Listen, don’t lecture, if you want to engage young people in the life of the Church.
That’s the advice of bishops and others participating in the Synod of Bishops on “young people, the faith and vocational discernment” taking place this month at the Vatican.
And it’s a pretty good bit of advice, especially if listening is a step toward promoting the dialogue that the Church needs to employ if our young people are to become involved in the beliefs and practices of the Catholic faith.
Auxiliary Bishop Robert Barron of Los Angeles, a synod member, said his work as founder of Word on Fire Catholic Ministries confirmed to him that a new approach is needed in outreach to under-30 Catholics.
Church teaching, he said, could be explained in a way that it does not seem to be “imposed from above but would rather emerge organically from below, a response to the yearning of the mind and the heart.”
The Church, he said, “must walk with young people, listen to them with attention and love, and then be ready intelligently to give a reason for the hope that is within us.”
Nigerian Bishop Godfrey Igwebuike Onah of Nsukka told participants it was important for bishops to listen to young men and women, otherwise the synod risks becoming a meeting of “only old people” talking about young people.
Although the traditional synod structure allows only bishops as official participants, young people from around the world were heavily involved during the months of planning and as delegates to the event itself.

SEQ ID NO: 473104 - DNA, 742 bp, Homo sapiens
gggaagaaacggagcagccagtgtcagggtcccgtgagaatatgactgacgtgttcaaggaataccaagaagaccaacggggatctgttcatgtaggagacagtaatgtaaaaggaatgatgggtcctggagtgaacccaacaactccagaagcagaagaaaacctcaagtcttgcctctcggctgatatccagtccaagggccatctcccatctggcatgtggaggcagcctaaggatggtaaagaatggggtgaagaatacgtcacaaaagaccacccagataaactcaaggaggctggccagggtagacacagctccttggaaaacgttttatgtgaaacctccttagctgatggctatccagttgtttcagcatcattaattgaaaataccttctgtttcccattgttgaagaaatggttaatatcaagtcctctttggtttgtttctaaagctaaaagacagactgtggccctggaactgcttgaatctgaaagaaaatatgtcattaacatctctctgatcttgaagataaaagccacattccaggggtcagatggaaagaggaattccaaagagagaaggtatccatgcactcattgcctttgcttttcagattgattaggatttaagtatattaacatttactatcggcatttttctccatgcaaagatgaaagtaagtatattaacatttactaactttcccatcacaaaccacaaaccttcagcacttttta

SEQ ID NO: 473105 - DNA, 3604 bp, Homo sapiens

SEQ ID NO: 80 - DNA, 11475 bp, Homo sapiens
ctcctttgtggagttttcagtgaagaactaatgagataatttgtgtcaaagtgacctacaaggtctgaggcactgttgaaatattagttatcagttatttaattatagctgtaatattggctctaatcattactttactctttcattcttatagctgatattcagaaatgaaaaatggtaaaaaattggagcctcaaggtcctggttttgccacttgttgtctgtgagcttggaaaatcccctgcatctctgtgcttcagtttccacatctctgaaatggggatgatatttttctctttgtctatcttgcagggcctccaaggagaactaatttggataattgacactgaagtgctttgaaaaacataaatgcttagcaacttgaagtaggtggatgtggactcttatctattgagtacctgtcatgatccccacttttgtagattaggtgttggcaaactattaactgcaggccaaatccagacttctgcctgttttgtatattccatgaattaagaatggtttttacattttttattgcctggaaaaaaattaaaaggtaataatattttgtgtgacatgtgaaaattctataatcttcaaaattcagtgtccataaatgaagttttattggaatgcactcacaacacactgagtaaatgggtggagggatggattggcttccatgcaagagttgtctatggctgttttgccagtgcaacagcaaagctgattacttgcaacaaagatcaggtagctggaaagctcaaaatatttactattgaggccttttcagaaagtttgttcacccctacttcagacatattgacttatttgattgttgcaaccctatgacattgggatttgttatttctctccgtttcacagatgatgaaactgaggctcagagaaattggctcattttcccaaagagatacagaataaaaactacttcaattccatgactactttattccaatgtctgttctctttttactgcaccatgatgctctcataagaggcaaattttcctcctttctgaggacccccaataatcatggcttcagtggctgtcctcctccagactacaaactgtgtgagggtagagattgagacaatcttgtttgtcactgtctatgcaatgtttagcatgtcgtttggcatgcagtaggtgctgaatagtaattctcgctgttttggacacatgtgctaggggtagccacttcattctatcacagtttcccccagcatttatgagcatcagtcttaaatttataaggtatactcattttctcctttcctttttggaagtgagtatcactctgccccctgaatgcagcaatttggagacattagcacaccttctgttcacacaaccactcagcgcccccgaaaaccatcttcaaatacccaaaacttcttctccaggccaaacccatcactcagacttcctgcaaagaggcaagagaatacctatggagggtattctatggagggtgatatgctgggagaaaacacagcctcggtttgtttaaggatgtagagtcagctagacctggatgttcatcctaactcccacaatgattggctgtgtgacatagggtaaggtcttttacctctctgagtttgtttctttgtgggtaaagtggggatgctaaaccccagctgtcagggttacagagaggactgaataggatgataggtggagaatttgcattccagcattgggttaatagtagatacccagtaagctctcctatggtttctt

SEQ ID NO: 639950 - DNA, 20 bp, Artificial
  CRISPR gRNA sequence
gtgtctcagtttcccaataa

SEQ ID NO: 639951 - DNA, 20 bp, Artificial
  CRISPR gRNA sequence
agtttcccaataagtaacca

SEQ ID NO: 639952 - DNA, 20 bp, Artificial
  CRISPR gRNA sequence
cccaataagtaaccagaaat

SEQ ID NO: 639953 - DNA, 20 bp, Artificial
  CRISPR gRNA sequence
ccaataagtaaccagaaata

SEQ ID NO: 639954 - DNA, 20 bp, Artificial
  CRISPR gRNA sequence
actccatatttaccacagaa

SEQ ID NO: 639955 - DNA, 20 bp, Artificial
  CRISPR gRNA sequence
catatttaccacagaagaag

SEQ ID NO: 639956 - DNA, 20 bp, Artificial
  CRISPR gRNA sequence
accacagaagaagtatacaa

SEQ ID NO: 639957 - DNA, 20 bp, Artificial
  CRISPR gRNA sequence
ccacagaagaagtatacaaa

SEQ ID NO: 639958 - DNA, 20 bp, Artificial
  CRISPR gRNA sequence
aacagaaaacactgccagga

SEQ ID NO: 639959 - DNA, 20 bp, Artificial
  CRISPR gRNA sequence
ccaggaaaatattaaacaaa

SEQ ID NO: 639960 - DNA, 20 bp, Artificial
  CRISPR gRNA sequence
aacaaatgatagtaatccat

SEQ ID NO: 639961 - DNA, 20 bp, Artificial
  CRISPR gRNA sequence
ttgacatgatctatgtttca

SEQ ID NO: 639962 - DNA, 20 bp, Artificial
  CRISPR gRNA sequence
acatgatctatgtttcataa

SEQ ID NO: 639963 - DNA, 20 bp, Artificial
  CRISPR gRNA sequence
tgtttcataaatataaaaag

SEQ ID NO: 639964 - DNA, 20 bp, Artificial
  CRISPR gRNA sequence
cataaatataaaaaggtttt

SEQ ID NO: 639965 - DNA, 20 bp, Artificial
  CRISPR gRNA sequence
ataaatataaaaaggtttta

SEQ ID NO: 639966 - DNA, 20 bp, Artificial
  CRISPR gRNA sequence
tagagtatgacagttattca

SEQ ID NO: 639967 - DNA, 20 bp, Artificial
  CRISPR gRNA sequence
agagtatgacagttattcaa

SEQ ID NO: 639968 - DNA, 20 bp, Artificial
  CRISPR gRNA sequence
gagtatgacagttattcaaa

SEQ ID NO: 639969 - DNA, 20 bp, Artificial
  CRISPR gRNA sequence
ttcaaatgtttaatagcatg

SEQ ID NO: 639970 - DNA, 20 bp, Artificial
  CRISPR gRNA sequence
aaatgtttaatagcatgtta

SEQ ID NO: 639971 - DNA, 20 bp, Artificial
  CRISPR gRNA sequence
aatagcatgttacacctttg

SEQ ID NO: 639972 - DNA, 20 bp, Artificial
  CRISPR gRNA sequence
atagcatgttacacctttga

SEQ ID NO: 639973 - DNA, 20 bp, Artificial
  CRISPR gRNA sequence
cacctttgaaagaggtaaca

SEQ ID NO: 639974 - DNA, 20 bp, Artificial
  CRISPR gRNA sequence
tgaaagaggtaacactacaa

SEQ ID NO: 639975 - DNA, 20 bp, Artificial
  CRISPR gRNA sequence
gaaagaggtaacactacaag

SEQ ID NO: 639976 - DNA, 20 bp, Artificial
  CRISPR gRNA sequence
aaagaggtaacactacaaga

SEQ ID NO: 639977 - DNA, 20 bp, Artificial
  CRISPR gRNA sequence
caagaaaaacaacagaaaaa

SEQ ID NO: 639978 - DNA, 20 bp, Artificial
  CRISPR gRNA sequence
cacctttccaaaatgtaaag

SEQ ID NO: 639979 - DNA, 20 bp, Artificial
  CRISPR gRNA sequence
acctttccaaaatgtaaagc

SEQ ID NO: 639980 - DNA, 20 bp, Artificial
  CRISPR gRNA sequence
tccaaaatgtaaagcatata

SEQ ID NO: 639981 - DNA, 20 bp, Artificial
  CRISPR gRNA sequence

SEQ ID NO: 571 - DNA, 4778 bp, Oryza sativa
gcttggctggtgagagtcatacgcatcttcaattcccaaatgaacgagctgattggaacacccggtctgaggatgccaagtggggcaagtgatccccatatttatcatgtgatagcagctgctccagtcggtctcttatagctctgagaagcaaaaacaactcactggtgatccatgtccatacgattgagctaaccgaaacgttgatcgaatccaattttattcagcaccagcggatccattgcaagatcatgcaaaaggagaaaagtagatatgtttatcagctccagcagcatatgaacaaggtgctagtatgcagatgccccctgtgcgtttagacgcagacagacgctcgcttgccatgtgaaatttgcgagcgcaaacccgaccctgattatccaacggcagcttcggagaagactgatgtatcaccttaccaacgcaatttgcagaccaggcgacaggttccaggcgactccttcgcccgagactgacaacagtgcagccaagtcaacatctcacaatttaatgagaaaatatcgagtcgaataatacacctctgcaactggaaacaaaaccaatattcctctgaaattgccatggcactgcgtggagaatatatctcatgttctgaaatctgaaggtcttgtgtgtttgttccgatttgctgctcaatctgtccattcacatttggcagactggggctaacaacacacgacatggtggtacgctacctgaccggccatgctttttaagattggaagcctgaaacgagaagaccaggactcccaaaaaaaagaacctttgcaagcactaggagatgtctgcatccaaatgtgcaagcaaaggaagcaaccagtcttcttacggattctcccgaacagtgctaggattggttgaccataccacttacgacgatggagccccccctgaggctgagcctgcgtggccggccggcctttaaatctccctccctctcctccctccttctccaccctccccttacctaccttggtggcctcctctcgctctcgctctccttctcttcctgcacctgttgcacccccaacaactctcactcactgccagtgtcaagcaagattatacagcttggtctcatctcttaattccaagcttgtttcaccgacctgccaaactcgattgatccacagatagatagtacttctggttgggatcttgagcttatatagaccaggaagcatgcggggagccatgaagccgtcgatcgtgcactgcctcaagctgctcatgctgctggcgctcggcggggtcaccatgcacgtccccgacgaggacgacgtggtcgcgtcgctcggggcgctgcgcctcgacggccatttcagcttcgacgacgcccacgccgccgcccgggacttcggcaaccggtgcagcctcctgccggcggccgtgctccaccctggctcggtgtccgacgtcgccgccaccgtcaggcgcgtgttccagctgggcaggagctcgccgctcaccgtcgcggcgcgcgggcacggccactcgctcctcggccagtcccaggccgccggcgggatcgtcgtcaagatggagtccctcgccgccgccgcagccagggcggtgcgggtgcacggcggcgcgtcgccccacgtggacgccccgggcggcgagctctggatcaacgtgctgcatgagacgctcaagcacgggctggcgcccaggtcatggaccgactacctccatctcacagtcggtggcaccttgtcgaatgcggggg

They made clear, as outlined by a youth delegate from Chile, that they want a Church that’s more open to minorities; that’s aggressive in rooting out all forms of abuse by clergy and other Church personnel; and that strengthens the role of women in decision-making and participation in Church affairs.
A delegate from a youth council in Australia called for a Church where “young people can voice their opinions, their hopes, their needs and their struggles, without being judged.”
Sister Briana Santiago, a 27-year-old member of the Apostles of the Interior Life from San Antonio, who was the first person under 30 to address the synod, said that while growing up she was blessed with catechists who “didn’t speak only about rules, but also about their personal relationship with Christ” in a way that “changed my image of God from judge to Father.”
In college, she said, she met a religious sister “who took seriously everything I was experiencing and accompanied me, helping me to pray and develop my interior life.”
We think the thoughts expressed by these three young people offer a good prescription for the Church.
From what we’ve read of the synod bishops’ statements so far, and of the opening address by Pope Francis, who said “a Church that does not listen…cannot be credible” to young people, we’re hopeful that the Church is indeed listening and that a meaningful dialogue can begin.